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fieldsa83
Quartz | Level 8

I have a .sas file with proc format for 200 variables (let's call it FORMATS.sas).

 

Now, when I read in actual data from an INFILE statement (let's call this DATAFILE), I %include the FORMATS.sas file.

 

Then, in the data step I have a format statement which then lists all 200 variable names and their format labels, so imagine:

 

format  
   var1 var1.
   var2 var2.
   var3 var3. ;
(...etc until all 200 are listed).
 

 

There are 2 issues with this process:

 

1. If I choose to only read in 10 of the 200 variables in the INFILE, the FORMAT statement will give 190 errors. So how can I only apply formats to variables that actually have been read in (without manually commenting out 190 lines in the format statement)?

 

2. How can I make this more efficient in general? I would like it to just have a database that it automatically grabs the format labels since the variable and its corresponding format is exactly the same name?

 

 

1 ACCEPTED SOLUTION

Accepted Solutions
mkeintz
PROC Star

Make the dataset without formats, then run a macro calling dictionary.columns to get all the varnames and make a macrovar listing the varnames and matching format names. Then run PROC DATASETS to assign the formats, using that macrovar.

 

data test;
  input a b c;
datalines;
1 11 111
run;

proc format;
  value a other=[3.];
  value b other=[3.];
  value c other=[3.];
  value x other=[3.];
  value y other=[3.];
run;

%macro assign_fmts(dsn);
   %let dsn=%upcase(&dsn);
   %let dataset=%scan(&dsn,-1,%str(.));
   %if &dataset=&dsn %then %let libname=WORK;
   %else %let libname=%upcase(%scan(&dsn,1,%str(.)));
   %put _local_;
   proc sql noprint;
     select distinct catx(' ',name,cats(name,.)) into :fmts separated by " "
       from dictionary.columns where libname="&libname" and memname="&dataset";
   quit;
   proc datasets lib=&libname noprint ;
      modify &dataset;
      format &fmts;
      run;
   quit;
%mend ;

%assign_fmts(test);

 

 

--------------------------
The hash OUTPUT method will overwrite a SAS data set, but not append. That can be costly. Consider voting for Add a HASH object method which would append a hash object to an existing SAS data set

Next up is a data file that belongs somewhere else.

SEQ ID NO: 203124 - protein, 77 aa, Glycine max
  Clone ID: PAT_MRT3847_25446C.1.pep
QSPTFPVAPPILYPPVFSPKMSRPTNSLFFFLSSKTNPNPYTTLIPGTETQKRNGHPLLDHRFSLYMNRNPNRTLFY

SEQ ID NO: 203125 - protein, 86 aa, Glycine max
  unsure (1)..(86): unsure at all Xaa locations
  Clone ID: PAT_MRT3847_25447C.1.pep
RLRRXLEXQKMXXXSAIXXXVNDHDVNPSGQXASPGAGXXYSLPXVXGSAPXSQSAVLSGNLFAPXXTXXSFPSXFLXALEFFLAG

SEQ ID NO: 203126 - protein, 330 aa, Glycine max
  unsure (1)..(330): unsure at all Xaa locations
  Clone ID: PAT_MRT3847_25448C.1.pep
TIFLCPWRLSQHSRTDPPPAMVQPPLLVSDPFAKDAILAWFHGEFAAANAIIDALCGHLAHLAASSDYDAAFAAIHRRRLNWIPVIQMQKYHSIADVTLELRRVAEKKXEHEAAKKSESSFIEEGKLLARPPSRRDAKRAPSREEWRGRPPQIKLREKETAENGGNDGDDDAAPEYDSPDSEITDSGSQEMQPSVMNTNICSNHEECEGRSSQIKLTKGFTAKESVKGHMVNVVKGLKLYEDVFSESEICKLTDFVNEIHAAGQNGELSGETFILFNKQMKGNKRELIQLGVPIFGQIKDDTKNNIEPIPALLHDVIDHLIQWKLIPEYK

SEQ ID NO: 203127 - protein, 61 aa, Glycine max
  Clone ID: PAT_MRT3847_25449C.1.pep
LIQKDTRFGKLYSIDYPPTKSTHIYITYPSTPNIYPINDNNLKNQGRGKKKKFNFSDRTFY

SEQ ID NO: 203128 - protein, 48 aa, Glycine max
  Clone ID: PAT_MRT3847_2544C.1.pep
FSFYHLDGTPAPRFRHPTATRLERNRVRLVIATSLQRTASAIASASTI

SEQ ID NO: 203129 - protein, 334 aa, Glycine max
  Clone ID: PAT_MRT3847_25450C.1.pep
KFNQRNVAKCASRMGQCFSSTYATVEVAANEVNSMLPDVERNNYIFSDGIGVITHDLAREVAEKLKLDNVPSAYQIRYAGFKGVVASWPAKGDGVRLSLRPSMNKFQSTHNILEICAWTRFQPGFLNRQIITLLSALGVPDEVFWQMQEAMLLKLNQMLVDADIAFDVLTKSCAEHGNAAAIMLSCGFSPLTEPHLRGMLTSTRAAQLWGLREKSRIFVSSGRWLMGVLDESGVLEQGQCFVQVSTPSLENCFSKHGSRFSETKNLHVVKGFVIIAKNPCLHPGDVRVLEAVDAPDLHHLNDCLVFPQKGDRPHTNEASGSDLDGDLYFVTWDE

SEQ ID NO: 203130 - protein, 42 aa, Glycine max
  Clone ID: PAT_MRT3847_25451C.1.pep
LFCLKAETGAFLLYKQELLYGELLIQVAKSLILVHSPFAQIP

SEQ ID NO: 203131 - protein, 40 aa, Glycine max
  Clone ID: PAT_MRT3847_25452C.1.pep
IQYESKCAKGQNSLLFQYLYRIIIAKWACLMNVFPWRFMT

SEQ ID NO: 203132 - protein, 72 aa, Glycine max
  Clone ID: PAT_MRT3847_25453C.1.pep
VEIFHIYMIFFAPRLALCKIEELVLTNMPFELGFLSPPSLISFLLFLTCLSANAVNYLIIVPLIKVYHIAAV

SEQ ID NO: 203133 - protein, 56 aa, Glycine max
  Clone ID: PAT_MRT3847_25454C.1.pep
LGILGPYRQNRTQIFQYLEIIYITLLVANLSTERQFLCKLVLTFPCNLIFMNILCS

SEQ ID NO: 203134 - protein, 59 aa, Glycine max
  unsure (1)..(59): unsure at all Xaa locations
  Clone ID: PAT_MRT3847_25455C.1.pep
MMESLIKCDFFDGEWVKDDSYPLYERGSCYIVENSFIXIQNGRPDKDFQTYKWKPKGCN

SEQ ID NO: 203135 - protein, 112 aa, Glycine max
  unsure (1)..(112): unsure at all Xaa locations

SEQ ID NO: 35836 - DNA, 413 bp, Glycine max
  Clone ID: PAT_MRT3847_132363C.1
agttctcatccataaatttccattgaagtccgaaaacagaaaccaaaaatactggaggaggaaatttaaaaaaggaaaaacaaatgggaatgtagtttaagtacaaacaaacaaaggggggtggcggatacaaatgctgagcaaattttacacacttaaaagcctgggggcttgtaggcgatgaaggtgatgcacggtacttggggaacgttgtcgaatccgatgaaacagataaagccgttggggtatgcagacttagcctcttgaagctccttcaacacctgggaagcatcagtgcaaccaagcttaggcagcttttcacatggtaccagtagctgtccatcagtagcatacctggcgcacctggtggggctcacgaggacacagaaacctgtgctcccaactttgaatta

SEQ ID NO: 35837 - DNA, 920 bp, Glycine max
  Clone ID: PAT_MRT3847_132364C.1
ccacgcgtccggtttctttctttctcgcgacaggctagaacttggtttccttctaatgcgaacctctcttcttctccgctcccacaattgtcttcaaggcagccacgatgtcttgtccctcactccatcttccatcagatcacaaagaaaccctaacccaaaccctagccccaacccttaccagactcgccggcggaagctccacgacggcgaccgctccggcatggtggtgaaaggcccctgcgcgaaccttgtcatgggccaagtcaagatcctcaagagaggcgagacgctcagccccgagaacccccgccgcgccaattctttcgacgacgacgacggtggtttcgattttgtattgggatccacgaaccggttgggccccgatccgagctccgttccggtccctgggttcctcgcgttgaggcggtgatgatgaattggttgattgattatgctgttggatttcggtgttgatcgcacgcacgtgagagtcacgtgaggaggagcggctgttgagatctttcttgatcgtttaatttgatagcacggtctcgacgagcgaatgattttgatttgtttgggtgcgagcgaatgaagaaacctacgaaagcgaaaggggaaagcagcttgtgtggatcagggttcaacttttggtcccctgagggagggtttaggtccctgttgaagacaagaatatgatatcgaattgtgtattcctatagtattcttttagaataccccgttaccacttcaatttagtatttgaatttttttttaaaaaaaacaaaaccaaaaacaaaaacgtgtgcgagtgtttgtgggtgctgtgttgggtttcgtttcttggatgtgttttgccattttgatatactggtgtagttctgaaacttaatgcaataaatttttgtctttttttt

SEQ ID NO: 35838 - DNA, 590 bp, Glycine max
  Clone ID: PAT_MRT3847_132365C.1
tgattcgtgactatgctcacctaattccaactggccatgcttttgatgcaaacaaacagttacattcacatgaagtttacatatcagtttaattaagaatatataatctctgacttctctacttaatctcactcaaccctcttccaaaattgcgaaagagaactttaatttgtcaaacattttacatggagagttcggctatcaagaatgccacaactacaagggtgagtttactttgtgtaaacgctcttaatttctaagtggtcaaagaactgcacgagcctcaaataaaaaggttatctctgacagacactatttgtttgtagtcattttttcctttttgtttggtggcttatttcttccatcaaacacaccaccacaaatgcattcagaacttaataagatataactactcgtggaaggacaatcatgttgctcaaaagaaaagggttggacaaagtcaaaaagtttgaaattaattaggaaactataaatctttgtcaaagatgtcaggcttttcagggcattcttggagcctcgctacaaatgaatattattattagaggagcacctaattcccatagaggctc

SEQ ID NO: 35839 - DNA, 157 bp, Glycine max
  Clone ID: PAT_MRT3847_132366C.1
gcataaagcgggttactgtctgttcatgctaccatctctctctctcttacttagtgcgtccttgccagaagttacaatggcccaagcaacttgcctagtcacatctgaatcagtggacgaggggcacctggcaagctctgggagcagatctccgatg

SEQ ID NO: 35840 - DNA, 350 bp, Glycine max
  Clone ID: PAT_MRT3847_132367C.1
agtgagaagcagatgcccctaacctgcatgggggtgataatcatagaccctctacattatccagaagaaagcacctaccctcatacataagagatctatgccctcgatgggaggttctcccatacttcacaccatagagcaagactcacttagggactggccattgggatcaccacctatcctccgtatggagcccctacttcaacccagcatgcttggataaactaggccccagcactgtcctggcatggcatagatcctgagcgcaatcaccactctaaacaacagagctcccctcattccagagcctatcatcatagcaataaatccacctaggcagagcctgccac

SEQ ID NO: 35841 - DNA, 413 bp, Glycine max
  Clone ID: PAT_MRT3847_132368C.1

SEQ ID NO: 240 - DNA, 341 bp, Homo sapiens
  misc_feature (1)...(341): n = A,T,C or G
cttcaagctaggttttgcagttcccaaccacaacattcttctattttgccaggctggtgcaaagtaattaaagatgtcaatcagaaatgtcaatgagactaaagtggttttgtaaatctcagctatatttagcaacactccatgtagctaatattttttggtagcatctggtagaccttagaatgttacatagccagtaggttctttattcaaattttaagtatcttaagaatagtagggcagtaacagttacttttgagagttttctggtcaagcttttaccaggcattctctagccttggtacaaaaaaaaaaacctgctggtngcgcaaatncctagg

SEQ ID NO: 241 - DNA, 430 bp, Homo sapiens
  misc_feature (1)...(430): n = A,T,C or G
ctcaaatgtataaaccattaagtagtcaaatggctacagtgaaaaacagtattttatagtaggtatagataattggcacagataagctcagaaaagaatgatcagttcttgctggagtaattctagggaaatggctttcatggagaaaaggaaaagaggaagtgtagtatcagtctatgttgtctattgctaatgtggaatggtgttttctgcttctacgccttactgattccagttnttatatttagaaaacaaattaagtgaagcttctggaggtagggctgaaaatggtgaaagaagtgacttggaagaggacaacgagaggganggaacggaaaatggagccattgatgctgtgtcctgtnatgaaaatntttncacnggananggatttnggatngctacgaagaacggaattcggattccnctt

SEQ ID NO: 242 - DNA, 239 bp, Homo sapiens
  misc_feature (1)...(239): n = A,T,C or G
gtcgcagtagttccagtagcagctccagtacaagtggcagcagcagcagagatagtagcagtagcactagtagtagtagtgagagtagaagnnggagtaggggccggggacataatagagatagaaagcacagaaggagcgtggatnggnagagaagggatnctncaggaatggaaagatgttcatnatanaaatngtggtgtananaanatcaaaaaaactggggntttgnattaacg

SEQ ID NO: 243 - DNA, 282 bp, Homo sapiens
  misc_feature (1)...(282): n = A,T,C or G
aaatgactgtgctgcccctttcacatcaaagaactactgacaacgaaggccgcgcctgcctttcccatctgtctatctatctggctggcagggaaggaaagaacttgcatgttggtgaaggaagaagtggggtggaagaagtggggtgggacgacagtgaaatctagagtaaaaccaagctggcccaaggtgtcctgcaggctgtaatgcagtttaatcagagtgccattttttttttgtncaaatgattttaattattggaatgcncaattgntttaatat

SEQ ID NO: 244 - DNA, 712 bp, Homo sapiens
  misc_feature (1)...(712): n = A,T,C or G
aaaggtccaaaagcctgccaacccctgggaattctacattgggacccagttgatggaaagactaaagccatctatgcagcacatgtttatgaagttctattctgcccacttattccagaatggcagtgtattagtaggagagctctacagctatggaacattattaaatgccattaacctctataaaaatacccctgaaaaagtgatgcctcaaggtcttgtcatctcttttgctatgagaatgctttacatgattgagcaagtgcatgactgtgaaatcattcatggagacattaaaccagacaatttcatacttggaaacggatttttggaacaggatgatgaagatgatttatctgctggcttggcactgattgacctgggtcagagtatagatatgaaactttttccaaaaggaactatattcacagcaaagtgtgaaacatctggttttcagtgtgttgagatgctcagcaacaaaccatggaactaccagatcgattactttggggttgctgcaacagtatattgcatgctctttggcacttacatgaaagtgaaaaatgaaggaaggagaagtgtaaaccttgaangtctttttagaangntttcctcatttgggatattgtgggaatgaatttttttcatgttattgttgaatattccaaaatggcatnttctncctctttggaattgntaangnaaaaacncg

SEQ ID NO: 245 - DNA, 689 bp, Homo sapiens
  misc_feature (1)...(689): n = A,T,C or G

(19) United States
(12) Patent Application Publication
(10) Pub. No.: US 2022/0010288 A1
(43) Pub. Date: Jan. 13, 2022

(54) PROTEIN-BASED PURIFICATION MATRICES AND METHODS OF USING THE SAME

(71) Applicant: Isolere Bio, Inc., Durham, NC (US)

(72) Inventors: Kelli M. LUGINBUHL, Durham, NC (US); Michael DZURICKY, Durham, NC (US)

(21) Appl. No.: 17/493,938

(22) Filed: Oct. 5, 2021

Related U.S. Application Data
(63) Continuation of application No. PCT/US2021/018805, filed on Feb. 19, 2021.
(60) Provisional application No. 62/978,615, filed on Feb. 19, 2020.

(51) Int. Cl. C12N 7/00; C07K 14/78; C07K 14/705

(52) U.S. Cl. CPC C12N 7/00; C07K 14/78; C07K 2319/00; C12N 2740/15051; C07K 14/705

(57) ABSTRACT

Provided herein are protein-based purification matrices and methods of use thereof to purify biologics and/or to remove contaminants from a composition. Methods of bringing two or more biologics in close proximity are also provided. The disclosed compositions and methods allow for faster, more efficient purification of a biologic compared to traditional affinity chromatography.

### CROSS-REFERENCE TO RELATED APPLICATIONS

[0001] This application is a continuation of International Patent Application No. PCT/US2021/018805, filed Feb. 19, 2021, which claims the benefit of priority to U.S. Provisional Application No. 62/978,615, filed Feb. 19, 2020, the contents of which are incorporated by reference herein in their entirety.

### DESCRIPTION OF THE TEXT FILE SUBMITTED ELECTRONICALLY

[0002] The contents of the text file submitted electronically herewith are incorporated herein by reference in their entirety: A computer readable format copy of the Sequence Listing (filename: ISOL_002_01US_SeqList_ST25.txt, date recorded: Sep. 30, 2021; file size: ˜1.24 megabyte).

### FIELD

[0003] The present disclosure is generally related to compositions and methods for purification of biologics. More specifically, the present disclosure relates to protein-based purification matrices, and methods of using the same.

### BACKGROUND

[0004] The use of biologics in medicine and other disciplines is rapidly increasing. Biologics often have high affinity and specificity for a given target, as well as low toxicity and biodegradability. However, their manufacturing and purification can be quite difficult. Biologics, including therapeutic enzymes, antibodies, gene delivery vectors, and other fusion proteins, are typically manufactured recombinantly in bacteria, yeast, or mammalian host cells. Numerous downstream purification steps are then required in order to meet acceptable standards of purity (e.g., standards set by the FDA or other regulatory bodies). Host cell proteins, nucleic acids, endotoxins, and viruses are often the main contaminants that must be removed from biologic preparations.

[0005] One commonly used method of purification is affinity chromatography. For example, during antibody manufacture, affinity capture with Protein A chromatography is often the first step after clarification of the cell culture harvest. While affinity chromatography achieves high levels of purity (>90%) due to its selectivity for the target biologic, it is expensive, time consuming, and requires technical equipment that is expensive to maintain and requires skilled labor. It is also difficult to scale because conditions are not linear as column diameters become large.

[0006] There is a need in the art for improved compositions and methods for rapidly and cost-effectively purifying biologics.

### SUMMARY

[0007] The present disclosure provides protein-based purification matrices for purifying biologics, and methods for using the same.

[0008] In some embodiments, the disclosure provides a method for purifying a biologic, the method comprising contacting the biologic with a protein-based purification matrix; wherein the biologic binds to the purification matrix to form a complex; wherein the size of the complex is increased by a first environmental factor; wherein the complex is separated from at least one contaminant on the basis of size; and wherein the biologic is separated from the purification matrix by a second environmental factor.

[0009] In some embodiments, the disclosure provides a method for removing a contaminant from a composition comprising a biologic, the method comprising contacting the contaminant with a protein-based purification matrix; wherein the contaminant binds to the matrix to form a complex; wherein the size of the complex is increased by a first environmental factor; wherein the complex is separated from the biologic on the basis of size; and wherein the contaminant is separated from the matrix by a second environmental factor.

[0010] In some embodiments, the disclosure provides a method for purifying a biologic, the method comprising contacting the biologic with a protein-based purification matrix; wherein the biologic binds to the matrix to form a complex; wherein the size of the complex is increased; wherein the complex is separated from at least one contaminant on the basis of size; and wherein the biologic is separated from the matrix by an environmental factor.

Would enabling PROC SORT to simultaneously output multiple datasets be useful? Then vote for
Allow PROC SORT to output multiple datasets

--------------------------

View solution in original post

9 REPLIES 9
art297
Opal | Level 21

I would just assign the formats to the entire file and save the file with the formats attached. Isn't that possible?

 

Conversely, if that isn't possible, then I'd create a macro in which you could specify the desired variable, use proc sql to read all of the variables from dictionary.columns, have it write a macro variable that included all of the desired format assignments, and then apply them while selecting the desired file.

 

Art, CEO, AnalystFinder.com

 

fieldsa83
Quartz | Level 8

The dictionary.column macro sounds intriguing. Do you have a sample code of how that would work?

 

(the first option isn't possible since the source data is actually in non-writeable text files, and there are hundreds of gigabytes worth--so I don't want to make 1 single database. also new text files are added each month to the folder)

art297
Opal | Level 21

Since they're text files you would need to be able to read in all variables. As such, you would need to know the file layout.

 

If you kept the variable names, location, informats and relevant formats if any for all variables, then that file could be accessed and, using statements in sql like:

 

select catx(' ','input ',varname,column_range,informat,'@;',

          catx(' ',format,varname,format),